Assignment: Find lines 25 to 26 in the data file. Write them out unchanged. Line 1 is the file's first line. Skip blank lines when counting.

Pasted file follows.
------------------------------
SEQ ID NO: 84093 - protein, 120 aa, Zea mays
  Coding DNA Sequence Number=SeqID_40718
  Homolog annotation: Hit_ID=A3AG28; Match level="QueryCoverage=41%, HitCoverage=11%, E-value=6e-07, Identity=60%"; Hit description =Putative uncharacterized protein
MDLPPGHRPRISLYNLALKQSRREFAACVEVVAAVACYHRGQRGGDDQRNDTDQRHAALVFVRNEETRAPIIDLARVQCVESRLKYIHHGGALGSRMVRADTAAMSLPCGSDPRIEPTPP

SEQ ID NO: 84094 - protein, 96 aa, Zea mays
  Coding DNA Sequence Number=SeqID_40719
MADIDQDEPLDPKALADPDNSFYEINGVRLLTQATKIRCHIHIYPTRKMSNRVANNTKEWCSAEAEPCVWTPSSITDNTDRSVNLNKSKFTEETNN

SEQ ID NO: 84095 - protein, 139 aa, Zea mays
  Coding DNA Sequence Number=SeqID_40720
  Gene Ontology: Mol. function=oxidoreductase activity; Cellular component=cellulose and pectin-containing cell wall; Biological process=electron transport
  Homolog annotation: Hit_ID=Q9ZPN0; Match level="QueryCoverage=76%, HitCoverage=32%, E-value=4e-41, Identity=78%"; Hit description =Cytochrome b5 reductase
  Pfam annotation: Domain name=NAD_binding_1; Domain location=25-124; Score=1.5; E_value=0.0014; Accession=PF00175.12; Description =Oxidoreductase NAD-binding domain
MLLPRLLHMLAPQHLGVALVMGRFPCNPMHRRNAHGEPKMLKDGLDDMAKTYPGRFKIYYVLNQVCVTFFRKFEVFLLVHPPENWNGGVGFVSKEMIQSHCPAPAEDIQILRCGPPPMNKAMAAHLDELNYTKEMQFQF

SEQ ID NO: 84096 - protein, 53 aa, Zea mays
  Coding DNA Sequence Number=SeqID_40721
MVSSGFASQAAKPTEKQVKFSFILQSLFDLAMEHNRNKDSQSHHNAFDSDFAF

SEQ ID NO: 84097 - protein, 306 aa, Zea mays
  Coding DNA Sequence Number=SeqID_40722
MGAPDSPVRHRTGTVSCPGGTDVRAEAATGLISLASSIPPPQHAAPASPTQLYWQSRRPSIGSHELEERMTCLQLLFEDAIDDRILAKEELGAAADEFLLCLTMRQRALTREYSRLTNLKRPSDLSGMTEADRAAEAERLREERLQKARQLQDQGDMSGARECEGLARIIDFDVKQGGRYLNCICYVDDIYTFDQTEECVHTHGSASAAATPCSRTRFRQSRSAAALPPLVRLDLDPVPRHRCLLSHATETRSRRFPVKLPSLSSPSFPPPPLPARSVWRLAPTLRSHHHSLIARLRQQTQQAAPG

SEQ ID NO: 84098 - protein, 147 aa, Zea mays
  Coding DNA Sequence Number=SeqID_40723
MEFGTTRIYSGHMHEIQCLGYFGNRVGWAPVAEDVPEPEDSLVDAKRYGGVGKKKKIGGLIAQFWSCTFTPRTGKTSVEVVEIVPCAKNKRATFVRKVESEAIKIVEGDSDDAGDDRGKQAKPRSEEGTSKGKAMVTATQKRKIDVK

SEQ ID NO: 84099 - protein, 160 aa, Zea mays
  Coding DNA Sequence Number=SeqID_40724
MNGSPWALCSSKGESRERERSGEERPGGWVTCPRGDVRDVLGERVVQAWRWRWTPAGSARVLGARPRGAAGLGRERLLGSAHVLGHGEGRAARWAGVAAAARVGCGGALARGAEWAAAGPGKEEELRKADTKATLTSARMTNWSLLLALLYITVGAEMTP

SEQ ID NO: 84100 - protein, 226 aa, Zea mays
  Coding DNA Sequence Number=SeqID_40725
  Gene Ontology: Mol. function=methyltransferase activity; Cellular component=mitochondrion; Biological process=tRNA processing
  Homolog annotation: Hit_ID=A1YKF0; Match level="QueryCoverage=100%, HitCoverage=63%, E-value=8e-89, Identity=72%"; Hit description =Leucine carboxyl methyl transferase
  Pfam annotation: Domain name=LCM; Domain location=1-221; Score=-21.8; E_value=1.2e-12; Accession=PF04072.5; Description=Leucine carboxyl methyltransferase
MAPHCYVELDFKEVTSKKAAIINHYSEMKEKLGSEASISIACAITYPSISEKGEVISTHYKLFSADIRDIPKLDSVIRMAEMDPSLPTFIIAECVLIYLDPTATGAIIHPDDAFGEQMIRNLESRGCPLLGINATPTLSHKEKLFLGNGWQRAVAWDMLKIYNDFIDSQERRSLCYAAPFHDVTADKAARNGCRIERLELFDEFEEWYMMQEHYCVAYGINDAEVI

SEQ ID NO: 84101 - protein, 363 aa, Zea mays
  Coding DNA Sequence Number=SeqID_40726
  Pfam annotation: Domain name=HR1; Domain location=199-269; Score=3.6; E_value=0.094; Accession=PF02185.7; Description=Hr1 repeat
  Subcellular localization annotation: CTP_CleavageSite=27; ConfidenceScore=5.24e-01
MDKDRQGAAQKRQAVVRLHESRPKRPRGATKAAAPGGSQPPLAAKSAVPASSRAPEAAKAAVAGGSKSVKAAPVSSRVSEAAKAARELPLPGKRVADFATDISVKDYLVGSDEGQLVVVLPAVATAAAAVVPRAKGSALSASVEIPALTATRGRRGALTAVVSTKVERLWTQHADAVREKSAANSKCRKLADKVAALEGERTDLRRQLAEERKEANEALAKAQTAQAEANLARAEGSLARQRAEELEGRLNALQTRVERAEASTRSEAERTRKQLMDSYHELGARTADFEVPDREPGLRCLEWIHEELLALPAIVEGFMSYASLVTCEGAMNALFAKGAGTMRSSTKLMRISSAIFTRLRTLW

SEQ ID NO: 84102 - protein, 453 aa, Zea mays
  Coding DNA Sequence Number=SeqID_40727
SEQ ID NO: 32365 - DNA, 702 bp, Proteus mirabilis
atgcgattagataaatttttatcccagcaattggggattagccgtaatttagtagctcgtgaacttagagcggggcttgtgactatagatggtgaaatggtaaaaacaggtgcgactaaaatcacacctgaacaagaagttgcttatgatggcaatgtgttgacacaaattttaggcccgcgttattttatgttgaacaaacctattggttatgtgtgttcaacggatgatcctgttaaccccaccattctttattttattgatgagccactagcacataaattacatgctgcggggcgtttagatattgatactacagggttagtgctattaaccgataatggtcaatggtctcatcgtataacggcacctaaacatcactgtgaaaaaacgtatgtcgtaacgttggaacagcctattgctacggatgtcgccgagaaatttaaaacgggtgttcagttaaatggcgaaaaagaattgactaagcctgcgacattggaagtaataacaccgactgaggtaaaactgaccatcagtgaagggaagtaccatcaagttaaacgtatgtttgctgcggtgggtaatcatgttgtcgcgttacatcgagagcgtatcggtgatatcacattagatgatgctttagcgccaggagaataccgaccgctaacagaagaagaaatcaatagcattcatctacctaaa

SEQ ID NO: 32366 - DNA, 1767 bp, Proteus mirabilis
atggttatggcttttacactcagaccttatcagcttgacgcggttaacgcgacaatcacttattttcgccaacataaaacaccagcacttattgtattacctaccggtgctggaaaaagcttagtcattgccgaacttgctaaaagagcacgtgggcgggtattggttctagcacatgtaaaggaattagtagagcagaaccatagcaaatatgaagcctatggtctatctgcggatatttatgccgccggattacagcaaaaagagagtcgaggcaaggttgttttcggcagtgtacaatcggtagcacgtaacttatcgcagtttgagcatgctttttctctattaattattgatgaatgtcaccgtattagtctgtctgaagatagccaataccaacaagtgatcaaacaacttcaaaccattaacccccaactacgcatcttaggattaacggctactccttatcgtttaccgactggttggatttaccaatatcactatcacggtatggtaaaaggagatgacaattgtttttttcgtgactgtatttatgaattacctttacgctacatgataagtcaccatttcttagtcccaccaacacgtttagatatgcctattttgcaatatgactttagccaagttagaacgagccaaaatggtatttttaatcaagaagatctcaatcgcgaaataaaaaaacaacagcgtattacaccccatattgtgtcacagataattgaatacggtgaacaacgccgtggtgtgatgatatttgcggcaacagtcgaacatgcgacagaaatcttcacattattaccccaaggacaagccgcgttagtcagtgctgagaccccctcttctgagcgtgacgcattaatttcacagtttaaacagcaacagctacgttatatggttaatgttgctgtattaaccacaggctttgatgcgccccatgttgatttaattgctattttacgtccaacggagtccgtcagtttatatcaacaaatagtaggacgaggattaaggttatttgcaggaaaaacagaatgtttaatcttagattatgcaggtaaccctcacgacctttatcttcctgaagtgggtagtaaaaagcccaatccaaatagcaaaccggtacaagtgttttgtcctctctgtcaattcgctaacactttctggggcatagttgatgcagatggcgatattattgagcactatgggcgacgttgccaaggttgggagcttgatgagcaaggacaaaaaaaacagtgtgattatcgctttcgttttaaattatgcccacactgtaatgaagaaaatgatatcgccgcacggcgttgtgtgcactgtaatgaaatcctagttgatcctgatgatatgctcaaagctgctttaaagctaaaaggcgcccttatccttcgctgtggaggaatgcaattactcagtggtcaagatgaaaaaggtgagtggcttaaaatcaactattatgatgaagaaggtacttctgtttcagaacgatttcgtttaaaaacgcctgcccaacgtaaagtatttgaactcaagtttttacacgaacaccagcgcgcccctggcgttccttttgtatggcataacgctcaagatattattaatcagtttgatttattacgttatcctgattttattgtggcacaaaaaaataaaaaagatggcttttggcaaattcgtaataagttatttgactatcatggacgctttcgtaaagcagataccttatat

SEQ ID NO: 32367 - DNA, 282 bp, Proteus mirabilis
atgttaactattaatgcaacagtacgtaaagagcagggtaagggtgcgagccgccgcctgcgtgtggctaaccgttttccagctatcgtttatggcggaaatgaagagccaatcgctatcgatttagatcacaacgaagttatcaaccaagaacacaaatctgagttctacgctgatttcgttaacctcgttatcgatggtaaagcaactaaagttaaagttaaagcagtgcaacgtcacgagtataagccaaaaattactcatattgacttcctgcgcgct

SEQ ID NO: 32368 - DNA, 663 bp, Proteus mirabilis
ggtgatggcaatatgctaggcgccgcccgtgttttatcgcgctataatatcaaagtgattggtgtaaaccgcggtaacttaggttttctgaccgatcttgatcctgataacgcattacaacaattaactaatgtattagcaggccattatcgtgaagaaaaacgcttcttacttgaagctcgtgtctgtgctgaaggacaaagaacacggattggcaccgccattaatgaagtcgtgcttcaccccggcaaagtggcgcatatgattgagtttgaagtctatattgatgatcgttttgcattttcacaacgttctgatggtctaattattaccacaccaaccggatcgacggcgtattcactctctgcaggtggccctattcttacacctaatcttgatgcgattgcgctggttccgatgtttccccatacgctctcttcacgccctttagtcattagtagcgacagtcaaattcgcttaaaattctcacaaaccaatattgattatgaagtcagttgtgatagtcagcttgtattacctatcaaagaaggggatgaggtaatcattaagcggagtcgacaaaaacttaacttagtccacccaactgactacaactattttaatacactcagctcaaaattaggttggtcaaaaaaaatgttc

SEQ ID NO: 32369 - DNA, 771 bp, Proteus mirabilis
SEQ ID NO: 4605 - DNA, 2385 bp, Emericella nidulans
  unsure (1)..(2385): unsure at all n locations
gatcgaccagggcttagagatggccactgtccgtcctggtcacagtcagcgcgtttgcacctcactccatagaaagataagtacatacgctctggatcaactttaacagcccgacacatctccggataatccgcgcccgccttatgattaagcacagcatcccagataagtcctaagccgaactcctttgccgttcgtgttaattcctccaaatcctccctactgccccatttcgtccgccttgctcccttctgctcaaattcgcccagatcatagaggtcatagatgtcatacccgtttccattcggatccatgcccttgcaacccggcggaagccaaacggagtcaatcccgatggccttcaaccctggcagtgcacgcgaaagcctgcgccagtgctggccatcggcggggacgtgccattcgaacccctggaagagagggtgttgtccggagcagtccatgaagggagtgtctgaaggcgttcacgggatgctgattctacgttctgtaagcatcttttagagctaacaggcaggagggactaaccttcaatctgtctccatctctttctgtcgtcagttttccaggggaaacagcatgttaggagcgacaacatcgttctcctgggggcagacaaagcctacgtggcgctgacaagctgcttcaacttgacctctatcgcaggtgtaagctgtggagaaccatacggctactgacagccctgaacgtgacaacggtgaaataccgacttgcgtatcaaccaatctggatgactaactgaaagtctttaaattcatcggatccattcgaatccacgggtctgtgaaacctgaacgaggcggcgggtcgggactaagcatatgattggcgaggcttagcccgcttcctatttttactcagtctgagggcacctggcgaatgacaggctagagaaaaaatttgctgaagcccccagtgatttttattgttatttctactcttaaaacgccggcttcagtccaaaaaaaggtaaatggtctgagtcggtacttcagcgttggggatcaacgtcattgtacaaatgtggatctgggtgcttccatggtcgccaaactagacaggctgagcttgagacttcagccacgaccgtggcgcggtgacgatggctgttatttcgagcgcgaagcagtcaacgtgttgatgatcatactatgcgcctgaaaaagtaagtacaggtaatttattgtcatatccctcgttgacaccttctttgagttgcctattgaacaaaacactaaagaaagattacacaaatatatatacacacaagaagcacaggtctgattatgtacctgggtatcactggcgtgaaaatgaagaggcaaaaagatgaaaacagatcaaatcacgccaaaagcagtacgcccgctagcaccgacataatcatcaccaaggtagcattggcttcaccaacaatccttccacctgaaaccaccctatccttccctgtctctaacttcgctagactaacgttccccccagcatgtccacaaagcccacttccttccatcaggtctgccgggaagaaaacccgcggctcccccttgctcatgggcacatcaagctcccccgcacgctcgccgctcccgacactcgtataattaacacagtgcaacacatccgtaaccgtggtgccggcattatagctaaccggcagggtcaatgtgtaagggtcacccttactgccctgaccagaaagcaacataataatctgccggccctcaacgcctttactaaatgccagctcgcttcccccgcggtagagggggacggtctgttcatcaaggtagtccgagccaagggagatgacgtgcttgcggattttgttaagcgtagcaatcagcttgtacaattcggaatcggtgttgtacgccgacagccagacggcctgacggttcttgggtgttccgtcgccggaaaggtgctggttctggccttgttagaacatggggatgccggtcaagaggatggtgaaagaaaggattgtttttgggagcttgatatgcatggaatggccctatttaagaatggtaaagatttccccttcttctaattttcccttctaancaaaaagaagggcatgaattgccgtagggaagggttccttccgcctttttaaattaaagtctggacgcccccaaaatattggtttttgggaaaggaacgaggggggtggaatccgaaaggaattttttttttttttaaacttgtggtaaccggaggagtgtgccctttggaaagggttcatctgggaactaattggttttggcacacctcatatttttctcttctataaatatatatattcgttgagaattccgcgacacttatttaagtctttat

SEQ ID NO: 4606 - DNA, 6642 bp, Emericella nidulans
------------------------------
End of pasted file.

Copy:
MNGSPWALCSSKGESRERERSGEERPGGWVTCPRGDVRDVLGERVVQAWRWRWTPAGSARVLGARPRGAAGLGRERLLGSAHVLGHGEGRAARWAGVAAAARVGCGGALARGAEWAAAGPGKEEELRKADTKATLTSARMTNWSLLLALLYITVGAEMTP

SEQ ID NO: 84100 - protein, 226 aa, Zea mays